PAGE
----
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posted by martyb on Tuesday March 17 2015, @11:09AM   Printer-friendly
from the cheaper-to-pay-someone-else-to-drive dept.

Joe Pinsker writes at The Atlantic that Finnish businessman Reima Kuisla was recently caught going 65 miles per hour in a 50 zone in his home country and ended up paying a fine of $56,000. The fine was so extreme because in Finland, some traffic fines, as well as fines for shoplifting and violating securities-exchange laws, are assessed based on earnings—and Kuisla's declared income was €6.5 million per year. Several years ago another executive was fined the equivalent of $103,000 for going 45 in a 30 zone on his motorcycle.

Finland’s system for calculating fines is relatively simple: It starts with an estimate of the amount of spending money a Finn has for one day, and then divides that by two—the resulting number is considered a reasonable amount of spending money to deprive the offender of. Then, based on the severity of the crime, the system has rules for how many days the offender must go without that money. Going about 15 mph over the speed limit gets you a multiplier of 12 days, and going 25 mph over carries a 22-day multiplier. Sweden, Denmark, Germany, Austria, France, and Switzerland also have some sliding-scale fines, or “day-fines,” in place.

[More after the break.]

Should such a system be used in the United States? After all, wealthier people have been shown to drive more recklessly than those who make less money. For example Steve Jobs was known to park in handicapped spots and drive around without license plates. But more importantly, day-fines could introduce some fairness to a legal system that many have convincingly shown to be biased against the poor. Last week, the Department of Justice released a comprehensive report on how fines have been doled out in Ferguson, Missouri. "Ferguson’s law enforcement practices are shaped by the City’s focus on revenue rather than by public safety needs," it concluded.

The first day-fine ever in the U.S. was given in 1988, and about 70 percent of Staten Island’s fines in the following year were day-fines. A similar program was started in Milwaukee, and a few other cities implemented the day-fine idea. Nevertheless, in America, flat-rate fines are the norm and day-fines remain unusual and even exotic.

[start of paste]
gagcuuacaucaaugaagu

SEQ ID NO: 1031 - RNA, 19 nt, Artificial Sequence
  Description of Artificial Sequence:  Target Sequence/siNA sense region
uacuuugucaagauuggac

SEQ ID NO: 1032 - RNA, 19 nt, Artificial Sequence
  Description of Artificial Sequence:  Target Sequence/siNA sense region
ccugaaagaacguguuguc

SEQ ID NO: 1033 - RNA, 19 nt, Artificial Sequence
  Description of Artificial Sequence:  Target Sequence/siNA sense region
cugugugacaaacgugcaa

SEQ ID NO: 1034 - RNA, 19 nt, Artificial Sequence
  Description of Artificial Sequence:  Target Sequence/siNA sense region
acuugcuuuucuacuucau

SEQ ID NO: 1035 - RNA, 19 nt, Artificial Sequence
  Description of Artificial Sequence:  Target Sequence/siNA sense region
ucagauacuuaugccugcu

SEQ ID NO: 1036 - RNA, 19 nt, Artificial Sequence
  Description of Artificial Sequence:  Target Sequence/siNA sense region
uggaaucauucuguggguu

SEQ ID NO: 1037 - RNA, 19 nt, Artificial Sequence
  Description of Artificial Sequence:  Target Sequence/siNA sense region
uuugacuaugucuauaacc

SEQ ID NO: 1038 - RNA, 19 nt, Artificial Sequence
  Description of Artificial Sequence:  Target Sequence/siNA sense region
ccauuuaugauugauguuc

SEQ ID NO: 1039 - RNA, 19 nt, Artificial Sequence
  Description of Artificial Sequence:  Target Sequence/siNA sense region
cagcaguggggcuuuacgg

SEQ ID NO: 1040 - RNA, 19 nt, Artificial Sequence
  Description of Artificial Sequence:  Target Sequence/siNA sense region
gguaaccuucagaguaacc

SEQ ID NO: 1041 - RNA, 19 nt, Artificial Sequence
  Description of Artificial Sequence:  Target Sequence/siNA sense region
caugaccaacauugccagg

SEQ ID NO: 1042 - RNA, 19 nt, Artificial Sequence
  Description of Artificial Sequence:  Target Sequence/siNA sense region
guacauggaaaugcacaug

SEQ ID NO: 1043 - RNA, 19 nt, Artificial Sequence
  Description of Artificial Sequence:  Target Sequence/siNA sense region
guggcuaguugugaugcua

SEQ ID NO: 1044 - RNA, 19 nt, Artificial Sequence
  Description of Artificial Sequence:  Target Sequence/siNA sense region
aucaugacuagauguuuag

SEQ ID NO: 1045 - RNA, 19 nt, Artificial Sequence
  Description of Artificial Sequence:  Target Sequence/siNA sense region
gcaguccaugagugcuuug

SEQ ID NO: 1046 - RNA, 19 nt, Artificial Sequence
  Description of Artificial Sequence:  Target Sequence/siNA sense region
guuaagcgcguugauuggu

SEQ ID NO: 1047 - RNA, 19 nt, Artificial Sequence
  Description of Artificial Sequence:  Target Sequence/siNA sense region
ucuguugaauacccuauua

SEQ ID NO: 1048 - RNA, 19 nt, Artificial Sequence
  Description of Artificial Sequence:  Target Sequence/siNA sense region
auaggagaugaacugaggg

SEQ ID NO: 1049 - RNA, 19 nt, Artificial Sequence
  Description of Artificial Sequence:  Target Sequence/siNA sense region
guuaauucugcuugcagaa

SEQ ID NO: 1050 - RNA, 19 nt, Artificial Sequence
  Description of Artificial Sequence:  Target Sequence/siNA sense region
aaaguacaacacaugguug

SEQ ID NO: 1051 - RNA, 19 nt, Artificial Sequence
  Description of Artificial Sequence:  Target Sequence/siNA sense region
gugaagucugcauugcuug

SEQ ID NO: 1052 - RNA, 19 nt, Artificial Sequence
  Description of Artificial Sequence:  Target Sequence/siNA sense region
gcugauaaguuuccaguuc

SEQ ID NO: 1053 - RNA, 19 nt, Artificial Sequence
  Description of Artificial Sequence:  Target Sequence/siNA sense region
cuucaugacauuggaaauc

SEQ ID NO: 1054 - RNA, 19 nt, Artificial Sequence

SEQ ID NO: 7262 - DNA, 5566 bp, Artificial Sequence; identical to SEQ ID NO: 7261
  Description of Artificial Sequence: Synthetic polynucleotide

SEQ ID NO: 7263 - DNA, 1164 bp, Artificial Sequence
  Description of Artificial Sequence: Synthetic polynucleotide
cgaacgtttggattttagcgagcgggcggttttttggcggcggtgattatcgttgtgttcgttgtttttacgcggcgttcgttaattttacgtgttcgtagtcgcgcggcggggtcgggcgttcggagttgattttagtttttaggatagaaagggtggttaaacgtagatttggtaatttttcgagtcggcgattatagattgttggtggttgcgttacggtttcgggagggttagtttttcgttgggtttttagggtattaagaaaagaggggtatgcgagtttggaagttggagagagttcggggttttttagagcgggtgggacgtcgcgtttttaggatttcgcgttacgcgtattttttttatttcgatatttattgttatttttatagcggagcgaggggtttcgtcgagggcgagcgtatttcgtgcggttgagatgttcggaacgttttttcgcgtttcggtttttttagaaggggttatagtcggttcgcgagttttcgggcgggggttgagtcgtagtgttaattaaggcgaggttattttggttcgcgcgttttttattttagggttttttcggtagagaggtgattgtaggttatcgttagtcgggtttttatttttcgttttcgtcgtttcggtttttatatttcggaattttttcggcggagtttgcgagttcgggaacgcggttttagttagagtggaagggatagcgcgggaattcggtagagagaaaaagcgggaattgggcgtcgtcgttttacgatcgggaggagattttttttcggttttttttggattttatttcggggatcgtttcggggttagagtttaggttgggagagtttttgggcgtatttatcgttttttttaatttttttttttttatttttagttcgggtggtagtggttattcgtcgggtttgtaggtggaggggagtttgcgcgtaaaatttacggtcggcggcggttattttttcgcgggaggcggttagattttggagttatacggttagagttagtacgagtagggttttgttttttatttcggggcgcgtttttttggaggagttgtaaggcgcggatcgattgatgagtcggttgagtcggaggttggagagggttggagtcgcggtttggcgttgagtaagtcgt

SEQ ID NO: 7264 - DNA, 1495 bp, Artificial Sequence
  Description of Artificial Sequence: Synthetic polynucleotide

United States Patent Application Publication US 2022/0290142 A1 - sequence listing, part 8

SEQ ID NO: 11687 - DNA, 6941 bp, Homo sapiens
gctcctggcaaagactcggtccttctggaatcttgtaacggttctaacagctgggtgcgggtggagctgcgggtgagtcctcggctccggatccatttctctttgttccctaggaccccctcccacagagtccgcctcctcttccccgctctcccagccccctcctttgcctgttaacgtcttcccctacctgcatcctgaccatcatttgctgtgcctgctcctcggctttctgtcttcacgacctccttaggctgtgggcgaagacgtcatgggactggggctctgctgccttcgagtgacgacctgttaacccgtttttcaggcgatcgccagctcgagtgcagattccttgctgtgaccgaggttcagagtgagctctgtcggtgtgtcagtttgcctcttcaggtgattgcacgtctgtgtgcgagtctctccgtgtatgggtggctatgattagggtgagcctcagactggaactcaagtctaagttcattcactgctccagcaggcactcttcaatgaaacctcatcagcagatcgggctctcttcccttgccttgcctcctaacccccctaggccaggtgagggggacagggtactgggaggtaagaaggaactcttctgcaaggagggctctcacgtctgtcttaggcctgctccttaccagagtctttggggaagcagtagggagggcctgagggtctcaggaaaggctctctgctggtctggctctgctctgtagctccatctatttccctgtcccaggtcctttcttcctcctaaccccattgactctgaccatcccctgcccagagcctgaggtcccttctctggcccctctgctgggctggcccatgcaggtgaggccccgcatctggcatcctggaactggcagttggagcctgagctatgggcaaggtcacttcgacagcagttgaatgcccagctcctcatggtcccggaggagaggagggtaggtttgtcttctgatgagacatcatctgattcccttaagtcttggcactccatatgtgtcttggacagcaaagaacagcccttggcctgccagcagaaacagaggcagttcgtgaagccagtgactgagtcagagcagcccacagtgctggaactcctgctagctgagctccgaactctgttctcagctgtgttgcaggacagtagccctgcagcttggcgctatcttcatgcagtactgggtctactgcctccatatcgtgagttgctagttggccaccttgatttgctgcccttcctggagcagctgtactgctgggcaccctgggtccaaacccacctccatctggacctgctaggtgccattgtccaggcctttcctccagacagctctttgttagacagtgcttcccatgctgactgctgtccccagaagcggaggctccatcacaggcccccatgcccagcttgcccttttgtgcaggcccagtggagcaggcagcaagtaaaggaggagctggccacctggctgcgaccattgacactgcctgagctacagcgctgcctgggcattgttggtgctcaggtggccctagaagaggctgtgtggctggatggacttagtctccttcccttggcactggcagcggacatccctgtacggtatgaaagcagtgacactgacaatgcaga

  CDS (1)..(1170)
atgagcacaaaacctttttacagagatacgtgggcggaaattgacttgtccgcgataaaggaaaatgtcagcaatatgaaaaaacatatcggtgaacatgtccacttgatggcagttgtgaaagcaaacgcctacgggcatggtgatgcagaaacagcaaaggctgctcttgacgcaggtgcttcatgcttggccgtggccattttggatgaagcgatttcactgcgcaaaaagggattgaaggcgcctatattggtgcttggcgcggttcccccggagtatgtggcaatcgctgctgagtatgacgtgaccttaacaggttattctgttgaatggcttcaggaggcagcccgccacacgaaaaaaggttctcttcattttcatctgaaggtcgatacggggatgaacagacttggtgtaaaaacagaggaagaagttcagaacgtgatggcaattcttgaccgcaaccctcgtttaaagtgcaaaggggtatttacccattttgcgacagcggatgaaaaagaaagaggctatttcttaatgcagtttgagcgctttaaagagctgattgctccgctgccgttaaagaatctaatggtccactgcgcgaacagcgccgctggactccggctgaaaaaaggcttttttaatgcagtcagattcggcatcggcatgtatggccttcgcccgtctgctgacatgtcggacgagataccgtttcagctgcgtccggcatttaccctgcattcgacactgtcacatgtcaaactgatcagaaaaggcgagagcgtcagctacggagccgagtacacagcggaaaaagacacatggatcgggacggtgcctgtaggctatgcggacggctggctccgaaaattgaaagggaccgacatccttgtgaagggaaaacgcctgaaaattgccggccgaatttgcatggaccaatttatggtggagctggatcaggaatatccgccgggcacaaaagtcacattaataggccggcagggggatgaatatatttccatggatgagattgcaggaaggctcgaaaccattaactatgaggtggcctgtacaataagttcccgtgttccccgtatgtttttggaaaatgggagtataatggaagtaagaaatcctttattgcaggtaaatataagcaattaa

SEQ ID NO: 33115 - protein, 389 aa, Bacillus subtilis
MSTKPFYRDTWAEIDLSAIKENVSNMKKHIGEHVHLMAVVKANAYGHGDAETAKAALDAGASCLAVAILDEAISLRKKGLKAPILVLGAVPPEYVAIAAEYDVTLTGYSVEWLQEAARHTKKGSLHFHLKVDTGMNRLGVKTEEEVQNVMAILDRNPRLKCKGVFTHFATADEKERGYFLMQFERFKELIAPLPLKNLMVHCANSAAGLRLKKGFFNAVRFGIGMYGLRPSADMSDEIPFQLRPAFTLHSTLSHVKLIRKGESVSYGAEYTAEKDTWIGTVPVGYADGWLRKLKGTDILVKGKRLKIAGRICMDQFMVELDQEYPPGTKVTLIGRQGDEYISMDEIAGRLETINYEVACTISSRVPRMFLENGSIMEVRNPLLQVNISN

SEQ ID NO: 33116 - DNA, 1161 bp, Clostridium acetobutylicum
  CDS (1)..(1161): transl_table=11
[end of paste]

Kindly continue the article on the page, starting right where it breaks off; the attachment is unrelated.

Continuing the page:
According to Judith Greene, who founded Justice Strategies, a non-profit research organization, all of these initiatives were effective in making the justice system fairer for poor people. “When considering a proportion of their income, people are at least constantly risk-averse. This means that the worst that would happen is that the deterrent effect of fines would be the same across wealth or income levels,” says Casey Mulligan. "We should start small—say, only speeding tickets—and see what happens."

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  • (Score: 0) by Anonymous Coward on Tuesday March 17 2015, @01:30PM

    by Anonymous Coward on Tuesday March 17 2015, @01:30PM (#158856)

    EXACTLY. That's EXACTLY the point of this kind of system.

    Then if it is reckless then you could have some sort of point system. Then they take your car away. OH WAIT... That is what they do already.

    This is nothing more than a money grab. 1 'rich guy' can take care of the department budget of the work of doing 250 speeding tickets. Yeah that will make the roads safer /sarc... The police will make it so the system is applied decently and fairly. Oh its not.

    Also do not think for a second the 'rich' will take it lying down. They will twist the system. They have the money and influence that it bought to make sure they are taken care of.

    The proper way to take care of people who speed is to make it wildly inconvenient for them to take care of. The behavior takes care of itself after that. It is what finally got my wife to stop doing 10-15 over the speed limit everywhere. Not because I couldnt yell at here or the money was too much (it was for her income level). It was spending 4-5 hours taking care of 1 ticket. Once I pointed out that 4-5 hours and basically day off work of time if she was at work would take care of the fine. She realized the ticket was costing her a lot more than 150-200 bucks. It was costing her money, vacation time, and time itself.

    Just require that the person who gets the ticket to stand in line to take care of the ticket. Then make sure the line is understaffed. Oh and they take a 1 hour lunch *always*. By default you have taken speeders off the road for that period. Put up signs saying 'sucks to wait? dont speed'.